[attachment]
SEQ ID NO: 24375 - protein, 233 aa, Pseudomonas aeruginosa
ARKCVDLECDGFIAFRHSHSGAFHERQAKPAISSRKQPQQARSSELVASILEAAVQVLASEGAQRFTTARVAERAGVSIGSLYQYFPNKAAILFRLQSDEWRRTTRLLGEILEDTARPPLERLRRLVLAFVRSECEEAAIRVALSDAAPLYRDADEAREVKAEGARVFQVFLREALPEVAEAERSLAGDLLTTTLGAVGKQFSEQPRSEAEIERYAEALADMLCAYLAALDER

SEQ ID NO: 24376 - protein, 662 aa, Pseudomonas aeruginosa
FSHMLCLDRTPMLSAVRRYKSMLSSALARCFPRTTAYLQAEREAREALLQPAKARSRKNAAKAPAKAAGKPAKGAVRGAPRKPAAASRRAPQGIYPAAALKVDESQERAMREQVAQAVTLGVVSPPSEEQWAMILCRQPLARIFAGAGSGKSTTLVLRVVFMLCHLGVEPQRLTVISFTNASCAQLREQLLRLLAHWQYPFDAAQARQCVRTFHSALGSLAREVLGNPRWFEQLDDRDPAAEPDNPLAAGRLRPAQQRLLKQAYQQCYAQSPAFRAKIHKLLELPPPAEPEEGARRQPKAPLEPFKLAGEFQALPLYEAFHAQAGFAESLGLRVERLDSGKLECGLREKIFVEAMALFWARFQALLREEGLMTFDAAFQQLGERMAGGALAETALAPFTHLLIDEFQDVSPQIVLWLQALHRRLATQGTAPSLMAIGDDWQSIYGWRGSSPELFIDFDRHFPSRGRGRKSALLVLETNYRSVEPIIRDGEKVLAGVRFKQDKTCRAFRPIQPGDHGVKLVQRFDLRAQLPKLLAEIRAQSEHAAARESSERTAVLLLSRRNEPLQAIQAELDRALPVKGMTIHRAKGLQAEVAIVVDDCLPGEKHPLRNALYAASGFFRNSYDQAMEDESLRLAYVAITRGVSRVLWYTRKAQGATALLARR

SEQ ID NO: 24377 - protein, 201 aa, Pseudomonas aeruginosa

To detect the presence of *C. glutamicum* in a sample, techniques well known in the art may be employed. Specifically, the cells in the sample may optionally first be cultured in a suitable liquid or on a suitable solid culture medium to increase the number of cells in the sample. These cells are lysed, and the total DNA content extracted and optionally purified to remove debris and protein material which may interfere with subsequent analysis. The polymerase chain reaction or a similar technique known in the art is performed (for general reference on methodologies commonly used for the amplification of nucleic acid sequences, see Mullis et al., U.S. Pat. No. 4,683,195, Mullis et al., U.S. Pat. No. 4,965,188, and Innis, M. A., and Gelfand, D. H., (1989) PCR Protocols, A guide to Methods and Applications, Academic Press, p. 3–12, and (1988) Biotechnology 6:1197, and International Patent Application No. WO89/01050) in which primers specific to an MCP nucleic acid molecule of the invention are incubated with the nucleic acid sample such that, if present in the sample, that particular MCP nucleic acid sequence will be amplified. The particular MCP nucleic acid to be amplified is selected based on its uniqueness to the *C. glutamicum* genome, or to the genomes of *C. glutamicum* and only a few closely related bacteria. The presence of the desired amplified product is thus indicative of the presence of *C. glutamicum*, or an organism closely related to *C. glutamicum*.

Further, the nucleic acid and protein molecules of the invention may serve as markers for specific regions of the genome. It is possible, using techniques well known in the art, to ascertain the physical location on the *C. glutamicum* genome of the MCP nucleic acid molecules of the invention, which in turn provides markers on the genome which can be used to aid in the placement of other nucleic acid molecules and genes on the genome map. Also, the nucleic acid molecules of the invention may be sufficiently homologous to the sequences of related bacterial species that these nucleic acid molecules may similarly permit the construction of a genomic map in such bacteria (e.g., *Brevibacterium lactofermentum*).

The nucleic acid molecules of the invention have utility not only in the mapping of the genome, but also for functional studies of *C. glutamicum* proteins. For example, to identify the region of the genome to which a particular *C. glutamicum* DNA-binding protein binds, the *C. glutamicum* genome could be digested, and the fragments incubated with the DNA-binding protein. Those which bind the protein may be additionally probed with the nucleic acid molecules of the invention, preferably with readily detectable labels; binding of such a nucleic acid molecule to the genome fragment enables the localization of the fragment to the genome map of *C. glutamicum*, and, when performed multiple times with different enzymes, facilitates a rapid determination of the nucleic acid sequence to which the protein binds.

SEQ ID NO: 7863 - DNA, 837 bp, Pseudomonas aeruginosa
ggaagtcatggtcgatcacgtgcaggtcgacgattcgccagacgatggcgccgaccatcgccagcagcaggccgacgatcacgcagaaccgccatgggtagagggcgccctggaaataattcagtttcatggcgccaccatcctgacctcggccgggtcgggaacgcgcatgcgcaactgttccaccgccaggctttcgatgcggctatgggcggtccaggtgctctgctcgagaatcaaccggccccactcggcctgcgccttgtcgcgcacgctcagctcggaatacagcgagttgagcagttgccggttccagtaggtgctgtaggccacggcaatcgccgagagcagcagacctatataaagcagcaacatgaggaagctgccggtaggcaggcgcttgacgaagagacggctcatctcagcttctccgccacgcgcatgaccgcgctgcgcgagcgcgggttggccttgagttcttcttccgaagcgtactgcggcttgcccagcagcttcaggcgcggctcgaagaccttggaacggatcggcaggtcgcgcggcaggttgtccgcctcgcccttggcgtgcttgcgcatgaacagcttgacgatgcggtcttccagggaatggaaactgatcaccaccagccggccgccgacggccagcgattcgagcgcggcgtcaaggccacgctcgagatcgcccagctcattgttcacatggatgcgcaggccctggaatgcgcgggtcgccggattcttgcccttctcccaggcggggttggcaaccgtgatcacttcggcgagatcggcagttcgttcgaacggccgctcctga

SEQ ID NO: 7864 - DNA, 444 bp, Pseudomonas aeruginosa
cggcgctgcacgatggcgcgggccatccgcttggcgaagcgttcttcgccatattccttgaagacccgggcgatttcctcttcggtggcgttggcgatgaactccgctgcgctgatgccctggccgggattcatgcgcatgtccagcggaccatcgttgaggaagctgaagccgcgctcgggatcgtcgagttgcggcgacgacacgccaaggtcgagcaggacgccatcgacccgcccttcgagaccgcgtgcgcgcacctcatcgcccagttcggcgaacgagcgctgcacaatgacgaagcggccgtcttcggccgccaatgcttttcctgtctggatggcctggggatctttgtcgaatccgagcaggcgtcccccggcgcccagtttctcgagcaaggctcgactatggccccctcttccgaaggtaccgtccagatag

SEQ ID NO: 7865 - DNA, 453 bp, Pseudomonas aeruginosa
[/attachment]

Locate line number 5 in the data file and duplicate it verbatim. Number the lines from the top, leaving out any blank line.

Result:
SEQ ID NO: 24377 - protein, 201 aa, Pseudomonas aeruginosa